So you want to travel more this year? With a little foresight, dedication and planning your Out Of Office notification could be getting a lot more use in the near future.
Just like achieving any goal, the key to having more travel in your life is to get clear on what you want and to set up an intentional system to achieve those results. That means clearing any nagging limiting beliefs that are holding you back and creating habits that will move you closer to your travel goals every day. Ready to put that passport to work? Avoid these eight mistakes.
Spending money without tracking it
As business management guru Peter Drucker says, “you can’t manage what you can’t measure” and there’s nowhere this rings truer than with money. When you know where every cent of your money is going, you can spot where you’re wasting money and how you can proactively save for travel instead of simply believing that you can’t afford it. If you’ve buried your head in the sand when it comes to your financial situation, time to pull it out and open your eyes to where it’s really going. Mint is my absolute favorite tool for this. It’ll track and categorize every penny and makes it easy to manage budgets and stay on top of bills.
Being vague about your travel goals
Do you want to take more weekend trips or plan an around-the-world adventure? Even if you don’t know the destination just yet, think about the type of travel and length of trip you’re aiming for. Some travel goals will require more planning and coordination, some will require more money. Get clear on what you want travel to look like for you in the next year so you can set you an achievable plan of action to make it a reality.
Leaving credit card points on the table
Every time you purchase something and don’t use a credit card with a great travel points structure you’re missing an opportunity to increase your travel purchasing (or upgrading) potential. If you’re new to optimizing credit card points, Chase’s Ultimate Rewards program is a great place to start since you can use points to pay for travel through their portal or transfer points to a number of airlines at a 1:1 ratio. (This is mostly relevant to folks with American credit cards and only recommended for those without debt.)
Wasting your vacation days
Bust out your calendar right now and mark every long weekend and holiday that you can take advantage of and request time off around those dates asap. Yes, prices might be more expensive for those dates, but if finding the time to travel is what’s stopping you, leveraging built-in vacation time will put you one step ahead. Remember, taking time off makes you more effective and productive, not the other way around. So request those vacay days stat.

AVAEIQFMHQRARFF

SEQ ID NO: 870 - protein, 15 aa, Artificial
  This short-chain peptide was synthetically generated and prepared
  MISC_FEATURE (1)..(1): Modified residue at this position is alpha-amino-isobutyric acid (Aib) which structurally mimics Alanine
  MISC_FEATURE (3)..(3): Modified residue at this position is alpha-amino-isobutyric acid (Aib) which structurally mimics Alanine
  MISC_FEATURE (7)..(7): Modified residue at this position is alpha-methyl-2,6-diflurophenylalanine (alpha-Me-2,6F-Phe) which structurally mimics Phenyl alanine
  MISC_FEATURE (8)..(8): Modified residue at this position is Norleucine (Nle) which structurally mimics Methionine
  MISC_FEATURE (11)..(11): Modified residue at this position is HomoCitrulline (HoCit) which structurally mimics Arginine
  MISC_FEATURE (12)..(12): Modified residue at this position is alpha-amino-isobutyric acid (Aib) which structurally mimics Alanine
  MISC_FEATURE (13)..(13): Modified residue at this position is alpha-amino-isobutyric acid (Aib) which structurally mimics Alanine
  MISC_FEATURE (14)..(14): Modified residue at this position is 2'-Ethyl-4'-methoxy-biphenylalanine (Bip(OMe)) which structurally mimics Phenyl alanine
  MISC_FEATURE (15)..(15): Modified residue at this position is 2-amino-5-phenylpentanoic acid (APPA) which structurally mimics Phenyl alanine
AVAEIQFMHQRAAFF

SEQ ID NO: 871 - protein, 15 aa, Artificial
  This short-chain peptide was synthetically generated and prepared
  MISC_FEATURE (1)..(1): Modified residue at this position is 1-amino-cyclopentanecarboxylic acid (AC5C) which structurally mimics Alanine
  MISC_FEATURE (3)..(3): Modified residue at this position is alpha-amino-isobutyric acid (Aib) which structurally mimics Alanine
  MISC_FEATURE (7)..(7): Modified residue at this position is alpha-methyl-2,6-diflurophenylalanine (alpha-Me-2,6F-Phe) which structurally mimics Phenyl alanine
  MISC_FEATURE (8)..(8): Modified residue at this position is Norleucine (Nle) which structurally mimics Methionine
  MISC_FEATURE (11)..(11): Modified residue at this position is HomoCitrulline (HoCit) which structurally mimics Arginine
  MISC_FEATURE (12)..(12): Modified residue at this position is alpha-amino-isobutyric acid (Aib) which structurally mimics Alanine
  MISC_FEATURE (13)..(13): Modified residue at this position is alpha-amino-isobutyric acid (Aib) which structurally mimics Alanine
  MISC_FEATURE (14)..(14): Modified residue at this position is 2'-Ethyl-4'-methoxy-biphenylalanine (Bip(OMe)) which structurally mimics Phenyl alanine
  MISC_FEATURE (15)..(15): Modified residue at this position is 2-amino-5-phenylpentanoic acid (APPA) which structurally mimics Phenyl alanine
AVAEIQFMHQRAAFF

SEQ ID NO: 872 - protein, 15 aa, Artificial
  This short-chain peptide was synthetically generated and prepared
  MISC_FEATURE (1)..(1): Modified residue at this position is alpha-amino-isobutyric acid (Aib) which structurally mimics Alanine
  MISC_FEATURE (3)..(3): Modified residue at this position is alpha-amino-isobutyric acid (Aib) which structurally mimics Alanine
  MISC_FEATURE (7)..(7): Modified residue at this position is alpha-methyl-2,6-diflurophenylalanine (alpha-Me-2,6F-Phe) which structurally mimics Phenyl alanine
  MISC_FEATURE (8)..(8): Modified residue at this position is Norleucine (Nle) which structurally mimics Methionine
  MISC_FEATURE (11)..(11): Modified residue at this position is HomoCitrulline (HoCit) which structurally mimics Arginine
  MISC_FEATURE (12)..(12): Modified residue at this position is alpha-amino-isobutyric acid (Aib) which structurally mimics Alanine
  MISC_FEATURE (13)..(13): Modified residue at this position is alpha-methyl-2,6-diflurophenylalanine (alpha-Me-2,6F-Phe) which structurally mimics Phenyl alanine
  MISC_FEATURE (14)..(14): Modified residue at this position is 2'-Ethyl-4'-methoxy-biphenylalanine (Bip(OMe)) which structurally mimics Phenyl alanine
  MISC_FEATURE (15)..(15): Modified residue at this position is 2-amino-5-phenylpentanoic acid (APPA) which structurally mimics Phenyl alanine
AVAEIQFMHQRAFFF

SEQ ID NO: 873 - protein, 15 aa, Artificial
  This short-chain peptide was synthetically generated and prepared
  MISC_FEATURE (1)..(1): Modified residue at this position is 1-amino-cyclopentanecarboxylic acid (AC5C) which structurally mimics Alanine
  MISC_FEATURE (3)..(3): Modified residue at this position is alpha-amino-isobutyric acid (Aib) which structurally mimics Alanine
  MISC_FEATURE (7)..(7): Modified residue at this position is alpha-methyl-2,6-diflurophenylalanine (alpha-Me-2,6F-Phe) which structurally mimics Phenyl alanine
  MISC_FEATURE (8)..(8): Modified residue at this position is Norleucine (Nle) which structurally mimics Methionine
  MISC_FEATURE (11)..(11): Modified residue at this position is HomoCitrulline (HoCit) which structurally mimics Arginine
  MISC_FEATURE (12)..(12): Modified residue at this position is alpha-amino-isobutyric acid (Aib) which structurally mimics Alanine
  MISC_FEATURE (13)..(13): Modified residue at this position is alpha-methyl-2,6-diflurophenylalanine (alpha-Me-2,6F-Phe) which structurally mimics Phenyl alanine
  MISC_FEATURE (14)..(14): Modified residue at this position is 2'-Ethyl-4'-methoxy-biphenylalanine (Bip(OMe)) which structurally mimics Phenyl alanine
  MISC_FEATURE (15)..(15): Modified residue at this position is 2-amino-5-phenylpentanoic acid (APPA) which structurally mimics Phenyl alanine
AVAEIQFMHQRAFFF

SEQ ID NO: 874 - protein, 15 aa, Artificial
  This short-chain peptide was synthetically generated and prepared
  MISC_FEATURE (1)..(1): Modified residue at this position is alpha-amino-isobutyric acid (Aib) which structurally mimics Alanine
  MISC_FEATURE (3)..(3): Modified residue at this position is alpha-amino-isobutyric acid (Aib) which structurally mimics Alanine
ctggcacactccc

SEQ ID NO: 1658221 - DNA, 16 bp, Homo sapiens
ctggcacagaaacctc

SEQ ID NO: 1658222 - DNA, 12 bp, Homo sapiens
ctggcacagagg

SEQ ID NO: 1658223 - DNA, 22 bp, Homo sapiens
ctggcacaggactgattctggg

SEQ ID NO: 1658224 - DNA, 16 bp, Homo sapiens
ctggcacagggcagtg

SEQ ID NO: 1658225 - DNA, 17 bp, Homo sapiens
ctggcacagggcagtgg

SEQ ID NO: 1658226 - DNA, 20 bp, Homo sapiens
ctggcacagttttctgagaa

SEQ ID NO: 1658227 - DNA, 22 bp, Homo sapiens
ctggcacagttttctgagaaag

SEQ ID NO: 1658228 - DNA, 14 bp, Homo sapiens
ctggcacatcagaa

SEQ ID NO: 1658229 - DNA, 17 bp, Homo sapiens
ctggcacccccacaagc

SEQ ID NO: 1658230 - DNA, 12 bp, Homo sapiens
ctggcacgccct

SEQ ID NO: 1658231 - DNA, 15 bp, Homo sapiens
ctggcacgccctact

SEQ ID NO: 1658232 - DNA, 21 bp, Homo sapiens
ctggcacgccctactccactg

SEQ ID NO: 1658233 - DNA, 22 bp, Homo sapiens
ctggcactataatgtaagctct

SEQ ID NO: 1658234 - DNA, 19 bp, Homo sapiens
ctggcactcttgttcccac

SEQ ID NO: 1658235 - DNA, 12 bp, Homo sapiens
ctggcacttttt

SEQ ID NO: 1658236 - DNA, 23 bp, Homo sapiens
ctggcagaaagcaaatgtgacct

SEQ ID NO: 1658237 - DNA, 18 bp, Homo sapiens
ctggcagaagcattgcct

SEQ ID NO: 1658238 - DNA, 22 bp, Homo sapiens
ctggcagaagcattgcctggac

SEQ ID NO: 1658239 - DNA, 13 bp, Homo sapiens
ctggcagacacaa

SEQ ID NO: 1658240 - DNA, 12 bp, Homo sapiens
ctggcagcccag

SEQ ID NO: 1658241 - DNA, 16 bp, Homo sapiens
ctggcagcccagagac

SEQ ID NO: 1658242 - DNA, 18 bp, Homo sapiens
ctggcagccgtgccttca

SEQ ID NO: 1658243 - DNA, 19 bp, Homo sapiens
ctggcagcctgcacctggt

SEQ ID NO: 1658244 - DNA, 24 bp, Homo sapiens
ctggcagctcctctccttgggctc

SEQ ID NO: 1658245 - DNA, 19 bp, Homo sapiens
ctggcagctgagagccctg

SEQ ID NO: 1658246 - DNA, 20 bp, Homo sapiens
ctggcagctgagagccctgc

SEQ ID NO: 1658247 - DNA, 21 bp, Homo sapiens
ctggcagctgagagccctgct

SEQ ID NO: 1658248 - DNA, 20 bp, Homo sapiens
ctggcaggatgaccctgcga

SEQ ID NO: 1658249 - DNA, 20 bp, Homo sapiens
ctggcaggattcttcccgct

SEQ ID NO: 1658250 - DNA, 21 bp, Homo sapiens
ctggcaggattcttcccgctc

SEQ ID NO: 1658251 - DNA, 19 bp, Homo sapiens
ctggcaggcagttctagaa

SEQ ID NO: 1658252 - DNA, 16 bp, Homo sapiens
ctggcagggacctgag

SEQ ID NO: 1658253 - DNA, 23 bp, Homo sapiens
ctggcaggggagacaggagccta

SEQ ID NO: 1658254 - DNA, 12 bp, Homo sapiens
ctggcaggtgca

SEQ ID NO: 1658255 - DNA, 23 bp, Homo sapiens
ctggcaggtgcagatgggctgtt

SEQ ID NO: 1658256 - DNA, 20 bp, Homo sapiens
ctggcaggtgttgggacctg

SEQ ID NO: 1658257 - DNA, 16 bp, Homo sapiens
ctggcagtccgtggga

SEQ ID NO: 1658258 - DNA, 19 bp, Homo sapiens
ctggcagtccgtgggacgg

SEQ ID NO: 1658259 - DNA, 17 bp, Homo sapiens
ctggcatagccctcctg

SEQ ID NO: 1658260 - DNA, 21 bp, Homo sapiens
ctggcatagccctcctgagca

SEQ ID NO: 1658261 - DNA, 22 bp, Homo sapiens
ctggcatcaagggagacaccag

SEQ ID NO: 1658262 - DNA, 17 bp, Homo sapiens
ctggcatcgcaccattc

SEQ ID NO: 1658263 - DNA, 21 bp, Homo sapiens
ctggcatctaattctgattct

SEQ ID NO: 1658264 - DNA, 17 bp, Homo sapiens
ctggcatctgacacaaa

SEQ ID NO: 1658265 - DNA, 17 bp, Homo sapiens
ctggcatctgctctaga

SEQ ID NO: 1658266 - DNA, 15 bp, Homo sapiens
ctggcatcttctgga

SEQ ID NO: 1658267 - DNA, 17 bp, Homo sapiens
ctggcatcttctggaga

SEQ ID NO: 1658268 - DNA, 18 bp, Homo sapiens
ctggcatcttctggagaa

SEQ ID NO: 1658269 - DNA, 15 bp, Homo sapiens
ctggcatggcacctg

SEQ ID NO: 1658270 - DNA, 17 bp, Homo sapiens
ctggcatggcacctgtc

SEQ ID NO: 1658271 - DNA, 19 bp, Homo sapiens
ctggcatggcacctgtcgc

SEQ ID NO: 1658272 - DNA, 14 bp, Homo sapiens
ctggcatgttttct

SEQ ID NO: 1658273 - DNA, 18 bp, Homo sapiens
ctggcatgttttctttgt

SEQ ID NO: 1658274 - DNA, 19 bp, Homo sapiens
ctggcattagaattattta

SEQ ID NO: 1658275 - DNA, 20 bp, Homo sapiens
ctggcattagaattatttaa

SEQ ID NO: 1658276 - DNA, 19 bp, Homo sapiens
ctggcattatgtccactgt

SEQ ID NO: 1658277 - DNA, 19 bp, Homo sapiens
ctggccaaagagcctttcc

Waiting for travel partners
Traveling with family and friends is great, but if you’ve been waiting for your budgets, destinations or timing to match up for ages and it’s clear that your plans are going nowhere (just like you are) then it’s time to go it alone. Honestly, there aren’t many experiences as freeing, exciting and rewarding as solo travel so don’t miss out on the opportunity because it feels scary. What’s really scary is letting others hold you back from your travel dreams.
Leaving airfare to fate
We can hypothesize all day about when’s the best time to buy plane tickets. Don’t let that take up too much headspace when an app can do it for you. Kayak, Google Flights and Hopper will all track and alert you to airfare fluctuations and let you know when to hit book. Of course, the further in advance you know when and where you want to go, the more flexibility you’ll have in price. Set up alerts for your ideal destinations and dates and let the algorithms tell you when to hold ‘em or when to fold ‘em.
Prioritizing the wrong things
Oh man, this is a biggie when it comes to making anything happen in life, not just travel. The concept is pretty simple: Put what matters most, first. The harder part is making a decision about what’s going to be a priority in your life and committing to it. If you’re prioritizing travel this year, then your choices need to reflect that, which means saying no to more of the tasks, events or purchases that don’t matter at this point.
Letting limiting beliefs limit you
We all have stories we tell ourselves that we believe to be true. Our own self-derived narratives become fact to us, whether consciously or subconsciously. Beliefs like “I can’t afford to travel,” “Travel is dangerous,” and “I don’t deserve a vacation” sound off on repeat in our brains. The first step to combating limiting beliefs is to become aware of them. When you can recognize your thoughts as separate from yourself, you can treat them as specimens to be studied. The next time you find yourself trapped by negative self-talk or limiting beliefs, try to prove yourself wrong.